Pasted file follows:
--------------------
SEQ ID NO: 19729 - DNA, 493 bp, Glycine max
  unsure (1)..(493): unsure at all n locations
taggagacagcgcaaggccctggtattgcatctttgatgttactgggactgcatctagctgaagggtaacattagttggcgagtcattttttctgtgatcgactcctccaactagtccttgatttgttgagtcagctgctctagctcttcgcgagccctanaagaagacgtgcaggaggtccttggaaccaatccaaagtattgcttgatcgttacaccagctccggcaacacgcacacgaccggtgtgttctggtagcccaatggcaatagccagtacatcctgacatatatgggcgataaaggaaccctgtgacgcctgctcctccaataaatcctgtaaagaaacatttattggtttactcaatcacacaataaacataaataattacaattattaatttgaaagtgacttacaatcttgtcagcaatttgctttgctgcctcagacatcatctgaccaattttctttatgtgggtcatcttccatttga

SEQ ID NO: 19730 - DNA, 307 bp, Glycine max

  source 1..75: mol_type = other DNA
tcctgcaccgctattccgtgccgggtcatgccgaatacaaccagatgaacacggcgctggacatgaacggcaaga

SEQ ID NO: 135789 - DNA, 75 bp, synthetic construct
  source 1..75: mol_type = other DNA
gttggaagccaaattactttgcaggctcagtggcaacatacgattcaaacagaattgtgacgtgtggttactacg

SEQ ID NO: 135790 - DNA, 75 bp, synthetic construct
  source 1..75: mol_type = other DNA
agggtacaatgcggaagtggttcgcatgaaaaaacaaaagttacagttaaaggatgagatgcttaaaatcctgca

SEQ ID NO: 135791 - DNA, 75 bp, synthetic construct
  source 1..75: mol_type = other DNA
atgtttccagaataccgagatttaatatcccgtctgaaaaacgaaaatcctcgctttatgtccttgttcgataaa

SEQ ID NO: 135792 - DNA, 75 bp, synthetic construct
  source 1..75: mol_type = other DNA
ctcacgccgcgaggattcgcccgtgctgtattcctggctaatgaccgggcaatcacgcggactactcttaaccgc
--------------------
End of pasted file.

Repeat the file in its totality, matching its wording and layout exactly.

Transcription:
SEQ ID NO: 19729 - DNA, 493 bp, Glycine max
  unsure (1)..(493): unsure at all n locations
taggagacagcgcaaggccctggtattgcatctttgatgttactgggactgcatctagctgaagggtaacattagttggcgagtcattttttctgtgatcgactcctccaactagtccttgatttgttgagtcagctgctctagctcttcgcgagccctanaagaagacgtgcaggaggtccttggaaccaatccaaagtattgcttgatcgttacaccagctccggcaacacgcacacgaccggtgtgttctggtagcccaatggcaatagccagtacatcctgacatatatgggcgataaaggaaccctgtgacgcctgctcctccaataaatcctgtaaagaaacatttattggtttactcaatcacacaataaacataaataattacaattattaatttgaaagtgacttacaatcttgtcagcaatttgctttgctgcctcagacatcatctgaccaattttctttatgtgggtcatcttccatttga

SEQ ID NO: 19730 - DNA, 307 bp, Glycine max

  source 1..75: mol_type = other DNA
tcctgcaccgctattccgtgccgggtcatgccgaatacaaccagatgaacacggcgctggacatgaacggcaaga

SEQ ID NO: 135789 - DNA, 75 bp, synthetic construct
  source 1..75: mol_type = other DNA
gttggaagccaaattactttgcaggctcagtggcaacatacgattcaaacagaattgtgacgtgtggttactacg

SEQ ID NO: 135790 - DNA, 75 bp, synthetic construct
  source 1..75: mol_type = other DNA
agggtacaatgcggaagtggttcgcatgaaaaaacaaaagttacagttaaaggatgagatgcttaaaatcctgca

SEQ ID NO: 135791 - DNA, 75 bp, synthetic construct
  source 1..75: mol_type = other DNA
atgtttccagaataccgagatttaatatcccgtctgaaaaacgaaaatcctcgctttatgtccttgttcgataaa

SEQ ID NO: 135792 - DNA, 75 bp, synthetic construct
  source 1..75: mol_type = other DNA
ctcacgccgcgaggattcgcccgtgctgtattcctggctaatgaccgggcaatcacgcggactactcttaaccgc